Album Review: Mothman and the Thunderbirds – Portal Hopper (Self Released)

Mothman and the Thunderbirds are back and soaring to new heights on their sophomore album ‘Portal Hopper’. This new installment is a concept album that sees the band melding elements of prog metal and dream pop with the central theme being about escapism and the eventual escape from escapism. It will be released on July 12th, 2024.

A concept album with a creative story, Portal Hopper is a fantastical adventure that sees the eponymous portal hopper leave the natural world and travel to surreal locations accessible only by portal. Granted access by the Flatwoods Monster, the portal hopper meets a variety of cryptids in these strange lands and eventually ends up in the Squonk Kingdom. There the portal hopper finds a way to get to the Akashic Records, a compendium of all knowledge past, present, and future.

A lot to take in and one hell of a burden to carry back to the natural world, but before the portal hopper can return, they must face the Flatwoods Monster to gain their freedom.

For the story alone, this new Mothman and the Thunderbirds release is their most impressive effort yet. However, when combined with a dazzling array of sounds that draws from the worlds of prog, rock, pop, psychedelia, and more, it becomes even more special.



Bright and brilliant, Mothman and the Thunderbirds don’t just tell a bold story, they deliver an album filled with fantastical wonder. Beginning things in energised and anthemic fashion with Ruby Skies. Before unleashing a cacophony of poppy and proggy weirdness with Polygonal Polliwog, and dangerous drama with Flatwoods Monster. The first third of the album sets out the high level of creativity that Mothman and the Thunderbirds has to offer across the entirety of the album.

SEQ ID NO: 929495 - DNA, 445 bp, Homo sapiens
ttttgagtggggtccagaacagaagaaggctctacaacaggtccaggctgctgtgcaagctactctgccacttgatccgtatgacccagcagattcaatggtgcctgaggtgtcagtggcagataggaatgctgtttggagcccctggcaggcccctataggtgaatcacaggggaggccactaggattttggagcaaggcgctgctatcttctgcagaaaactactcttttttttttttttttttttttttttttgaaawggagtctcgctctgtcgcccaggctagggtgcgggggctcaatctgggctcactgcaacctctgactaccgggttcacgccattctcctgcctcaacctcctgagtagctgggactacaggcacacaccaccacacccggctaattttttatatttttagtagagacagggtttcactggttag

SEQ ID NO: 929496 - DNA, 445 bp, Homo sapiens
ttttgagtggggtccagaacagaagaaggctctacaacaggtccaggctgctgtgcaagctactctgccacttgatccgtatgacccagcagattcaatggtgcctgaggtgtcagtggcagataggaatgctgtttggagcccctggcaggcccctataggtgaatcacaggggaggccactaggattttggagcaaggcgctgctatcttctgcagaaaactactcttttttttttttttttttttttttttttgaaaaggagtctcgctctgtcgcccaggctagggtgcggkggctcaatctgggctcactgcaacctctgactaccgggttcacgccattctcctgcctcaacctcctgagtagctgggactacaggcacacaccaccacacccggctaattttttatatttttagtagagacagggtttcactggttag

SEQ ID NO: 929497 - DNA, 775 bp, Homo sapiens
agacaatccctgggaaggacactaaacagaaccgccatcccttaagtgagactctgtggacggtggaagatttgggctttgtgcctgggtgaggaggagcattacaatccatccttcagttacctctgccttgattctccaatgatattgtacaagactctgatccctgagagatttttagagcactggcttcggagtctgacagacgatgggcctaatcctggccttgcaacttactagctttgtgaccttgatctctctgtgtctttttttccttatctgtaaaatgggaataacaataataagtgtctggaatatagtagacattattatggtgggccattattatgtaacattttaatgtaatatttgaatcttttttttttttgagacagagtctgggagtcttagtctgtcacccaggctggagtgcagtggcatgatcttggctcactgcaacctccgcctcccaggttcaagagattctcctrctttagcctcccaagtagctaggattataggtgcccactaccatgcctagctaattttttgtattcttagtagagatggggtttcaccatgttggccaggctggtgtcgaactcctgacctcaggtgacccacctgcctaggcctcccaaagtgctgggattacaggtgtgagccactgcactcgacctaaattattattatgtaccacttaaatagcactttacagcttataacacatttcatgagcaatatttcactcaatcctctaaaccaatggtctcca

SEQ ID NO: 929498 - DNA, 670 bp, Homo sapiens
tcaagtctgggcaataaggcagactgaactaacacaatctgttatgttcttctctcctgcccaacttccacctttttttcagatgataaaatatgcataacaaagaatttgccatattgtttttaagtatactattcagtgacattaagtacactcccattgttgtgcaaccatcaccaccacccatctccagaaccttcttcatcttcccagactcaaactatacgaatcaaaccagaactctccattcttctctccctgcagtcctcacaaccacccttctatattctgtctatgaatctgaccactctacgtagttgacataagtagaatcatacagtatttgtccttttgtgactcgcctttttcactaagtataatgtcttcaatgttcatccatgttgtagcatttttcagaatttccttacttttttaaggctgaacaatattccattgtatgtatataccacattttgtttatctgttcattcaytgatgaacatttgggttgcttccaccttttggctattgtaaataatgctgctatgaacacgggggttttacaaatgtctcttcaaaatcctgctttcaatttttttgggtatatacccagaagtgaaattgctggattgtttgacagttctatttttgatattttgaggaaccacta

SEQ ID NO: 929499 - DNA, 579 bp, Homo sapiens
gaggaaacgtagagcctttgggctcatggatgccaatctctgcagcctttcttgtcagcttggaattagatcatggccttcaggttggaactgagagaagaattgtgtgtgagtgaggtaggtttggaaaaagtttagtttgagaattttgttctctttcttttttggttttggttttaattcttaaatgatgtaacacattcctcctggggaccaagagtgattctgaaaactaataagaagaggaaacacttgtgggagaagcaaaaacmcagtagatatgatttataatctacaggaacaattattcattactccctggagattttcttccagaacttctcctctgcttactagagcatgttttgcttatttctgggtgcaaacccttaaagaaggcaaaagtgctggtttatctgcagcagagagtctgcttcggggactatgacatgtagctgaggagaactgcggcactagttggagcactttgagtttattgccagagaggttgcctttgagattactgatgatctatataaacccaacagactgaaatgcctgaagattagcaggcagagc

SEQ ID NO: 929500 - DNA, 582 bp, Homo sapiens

Compelling eccentricity that keeps you guessing track after track. Mothman and the Thunderbirds continue to impress as Liminal Spacetime Continuum offers up a more ‘gazey’ style rock. The melody is pretty, and it has an innate catchiness to it. Then there is the smile-inducing funkiness of Fractals, and the dreamy body-shaker that is Squonk Kingdom. Has it been stated enough already that this album is pretty damn wacky?

Chances are though, you’ll be head over heels in love with it by the halfway point as it is so impressively imaginative.

Which means there’s a ton of excitement to hear what comes next and Mothman and the Thunderbirds pay that off vigorously. First, with a luminous effort like Akashic Records, a truly wonderful piece with heavy atmosphere and exquisite vocals. Then, with the thicker and heavier Escape from Flatwoods, and the folksy foot-tapper that is Somewhere in Time.

Three-quarters of the way through, and still as impressive as it was at the start, there is no doubt that this is Mothman and the Thunderbirds’ at their absolute best.

What else can they possibly offer as the journey begins to reach its final stages? How about something as epic sounding as The Zaratan? Or something as trippy as So Long (Portal Hopper)? Or how about the surprisingly emotional impact that the finale of Attic has? Not just because it is melodic and heartfelt, but because this incredible album has reached its end and that’s a sad moment.

An outstanding release, that sees Mothman and the Thunderbirds outdo anything they’ve done before. Experience the madness for yourself and be prepared to fall madly in love with what it offers.

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Mothman and the Thunderbirds – Portal Hopper Track Listing:

1. Ruby Skies
2. Polygonal Polliwog
3. Flatwoods Monster
4. Liminal Spacetime Continuum
5. Fractals
6. Squonk Kingdom
7. Akashic Records
8. Escape from Flatwoods
9. Somewhere in Time
10. The Zaratan
11. So Long (Portal Hopper)
12. Attic


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  • Carl Fisher

    Owner/Administrator/Editor/Writer/Interviewer/YouTuber - you name it, I do it. I love gaming, horror movies, and all forms of heavy metal and rock. I'm also a Discworld super-fan and love talking all things Terry Pratchett. Do you wanna party? It's party time!

Mothman and the Thunderbirds – Portal Hopper (Self Released)
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